Sus barbatus ahoenobarbus Huet, 1888

Vertebrate - Mammal


Palawan Bearded Pig; Baboy-damo
Vulnerable (IUCN)

The Palawan bearded pig is a subspecies of Sus barbatus. While Sus barbatus can also be found in Malay Peninsula to Borneo, the subspecies Sus barbatus ahoenobarbus is restricted only to Palawan Faunal Region. Its entire body is black or blackish in color with rufous hair tips. It has an ochre-color band on the snout. Its head is long and narrow with an elongated nasal portion. It has “beard” of harsh bristles on the ochre-color lateral band on the snout.

The Palawan bearded pig usually stays in primary and secondary forests and they adapt in parang areas. It feeds on fallen fig fruits, roots and crops like corn, gabi, camote, ube, and sometimes rice. It is mostly active at night but can also be encountered at daytime especially during cool weather. It gives loud snorts or crunching sounds when feeding on hard plant material. Adult female wild pig gives birth to 3 to 11 young. Wild pigs are often hunted to extinction because of their meat and the destruction they cause to man’s crops in agricultural areas which used to be part of the their forest home. An endemic species, the Palawan bearded pig is listed as a threatened taxon by the IUCN. It is listed as Rare in the Philippine Red Data Book by the Wildlife Conservation Society of the Philippines. Palawan bearded pigs may face extinction if unabated hunting and destruction of our forests such as illegal logging and kaingin continue. Heavy decline in the population of wild pig is an indication of severe destruction in our forests, because wild pigs are usually the ones left when all other animals are gone.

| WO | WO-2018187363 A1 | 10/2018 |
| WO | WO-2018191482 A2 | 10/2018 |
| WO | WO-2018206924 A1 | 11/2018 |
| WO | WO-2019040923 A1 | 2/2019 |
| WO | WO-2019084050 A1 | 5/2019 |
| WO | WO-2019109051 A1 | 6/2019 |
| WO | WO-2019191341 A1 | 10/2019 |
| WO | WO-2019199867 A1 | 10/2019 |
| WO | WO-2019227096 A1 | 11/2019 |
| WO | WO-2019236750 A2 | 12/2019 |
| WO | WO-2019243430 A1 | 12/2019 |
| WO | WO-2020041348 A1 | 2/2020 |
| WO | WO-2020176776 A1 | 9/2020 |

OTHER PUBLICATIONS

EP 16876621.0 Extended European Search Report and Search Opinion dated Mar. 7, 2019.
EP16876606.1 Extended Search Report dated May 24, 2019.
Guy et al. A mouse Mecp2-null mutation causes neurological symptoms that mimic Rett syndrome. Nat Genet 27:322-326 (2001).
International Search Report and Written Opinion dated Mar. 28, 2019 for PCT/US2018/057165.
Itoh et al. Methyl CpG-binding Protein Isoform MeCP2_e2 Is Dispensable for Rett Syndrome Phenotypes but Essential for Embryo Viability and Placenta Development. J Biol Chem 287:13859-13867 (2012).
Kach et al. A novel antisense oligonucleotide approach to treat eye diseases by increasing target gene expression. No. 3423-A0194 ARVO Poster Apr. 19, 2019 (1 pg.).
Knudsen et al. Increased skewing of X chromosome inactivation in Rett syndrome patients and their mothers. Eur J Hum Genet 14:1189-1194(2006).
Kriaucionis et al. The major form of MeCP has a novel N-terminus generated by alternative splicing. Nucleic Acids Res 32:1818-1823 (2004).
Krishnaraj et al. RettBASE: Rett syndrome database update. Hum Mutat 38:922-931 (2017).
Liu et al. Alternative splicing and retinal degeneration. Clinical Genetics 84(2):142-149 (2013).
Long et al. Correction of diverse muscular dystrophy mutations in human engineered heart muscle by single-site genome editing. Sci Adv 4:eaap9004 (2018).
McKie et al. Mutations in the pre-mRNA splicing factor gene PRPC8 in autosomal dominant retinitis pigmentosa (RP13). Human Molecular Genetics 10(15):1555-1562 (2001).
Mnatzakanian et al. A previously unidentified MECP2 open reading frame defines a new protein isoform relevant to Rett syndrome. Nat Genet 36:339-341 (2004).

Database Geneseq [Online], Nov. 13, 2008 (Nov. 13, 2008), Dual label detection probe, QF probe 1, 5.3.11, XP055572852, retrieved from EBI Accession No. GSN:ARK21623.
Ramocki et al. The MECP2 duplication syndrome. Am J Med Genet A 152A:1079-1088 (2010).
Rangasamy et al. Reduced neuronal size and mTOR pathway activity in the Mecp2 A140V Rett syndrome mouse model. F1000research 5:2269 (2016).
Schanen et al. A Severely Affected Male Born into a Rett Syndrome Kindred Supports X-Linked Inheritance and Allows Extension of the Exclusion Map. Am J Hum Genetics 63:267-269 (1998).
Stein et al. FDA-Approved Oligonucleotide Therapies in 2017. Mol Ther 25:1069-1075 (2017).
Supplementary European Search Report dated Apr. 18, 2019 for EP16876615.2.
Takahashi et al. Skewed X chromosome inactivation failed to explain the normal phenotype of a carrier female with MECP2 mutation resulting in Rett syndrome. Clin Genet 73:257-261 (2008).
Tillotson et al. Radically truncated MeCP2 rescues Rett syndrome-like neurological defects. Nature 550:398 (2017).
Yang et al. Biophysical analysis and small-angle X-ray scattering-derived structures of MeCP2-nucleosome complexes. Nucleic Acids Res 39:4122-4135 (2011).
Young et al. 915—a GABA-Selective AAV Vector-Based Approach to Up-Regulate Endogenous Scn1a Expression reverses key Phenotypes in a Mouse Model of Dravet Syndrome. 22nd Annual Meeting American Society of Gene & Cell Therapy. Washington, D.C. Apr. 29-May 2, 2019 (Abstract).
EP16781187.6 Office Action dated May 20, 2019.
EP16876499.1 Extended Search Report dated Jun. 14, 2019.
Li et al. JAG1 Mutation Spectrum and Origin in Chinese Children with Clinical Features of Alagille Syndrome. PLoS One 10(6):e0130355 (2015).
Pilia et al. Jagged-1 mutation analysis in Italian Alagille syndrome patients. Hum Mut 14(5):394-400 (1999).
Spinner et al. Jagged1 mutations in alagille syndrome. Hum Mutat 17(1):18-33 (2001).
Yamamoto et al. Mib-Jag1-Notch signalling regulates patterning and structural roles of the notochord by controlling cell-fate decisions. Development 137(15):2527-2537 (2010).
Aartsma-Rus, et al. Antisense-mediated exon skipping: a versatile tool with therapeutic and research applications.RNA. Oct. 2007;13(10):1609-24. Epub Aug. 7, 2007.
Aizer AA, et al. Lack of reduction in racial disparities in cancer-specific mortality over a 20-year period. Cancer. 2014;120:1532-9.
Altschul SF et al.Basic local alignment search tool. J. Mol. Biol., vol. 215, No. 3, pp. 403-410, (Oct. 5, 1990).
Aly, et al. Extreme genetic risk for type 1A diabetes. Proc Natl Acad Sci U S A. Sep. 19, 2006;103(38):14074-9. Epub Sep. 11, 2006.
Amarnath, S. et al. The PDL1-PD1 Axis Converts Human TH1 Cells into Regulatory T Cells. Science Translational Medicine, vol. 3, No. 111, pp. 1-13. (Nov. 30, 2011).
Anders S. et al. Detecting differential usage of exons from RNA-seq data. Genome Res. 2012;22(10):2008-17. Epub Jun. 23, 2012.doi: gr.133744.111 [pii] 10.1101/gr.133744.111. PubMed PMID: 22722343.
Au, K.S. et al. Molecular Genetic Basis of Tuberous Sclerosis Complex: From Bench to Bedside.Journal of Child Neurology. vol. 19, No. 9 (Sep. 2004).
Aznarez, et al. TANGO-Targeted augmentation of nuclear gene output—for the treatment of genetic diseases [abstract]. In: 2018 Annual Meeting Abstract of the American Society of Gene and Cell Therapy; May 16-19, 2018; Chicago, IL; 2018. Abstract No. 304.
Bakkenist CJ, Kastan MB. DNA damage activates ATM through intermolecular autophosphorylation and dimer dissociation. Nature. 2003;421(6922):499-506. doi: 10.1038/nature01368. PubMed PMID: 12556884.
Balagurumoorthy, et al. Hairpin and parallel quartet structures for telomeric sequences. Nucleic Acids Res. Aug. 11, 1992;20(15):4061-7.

This page was last modified Tuesday, June 21, 2011
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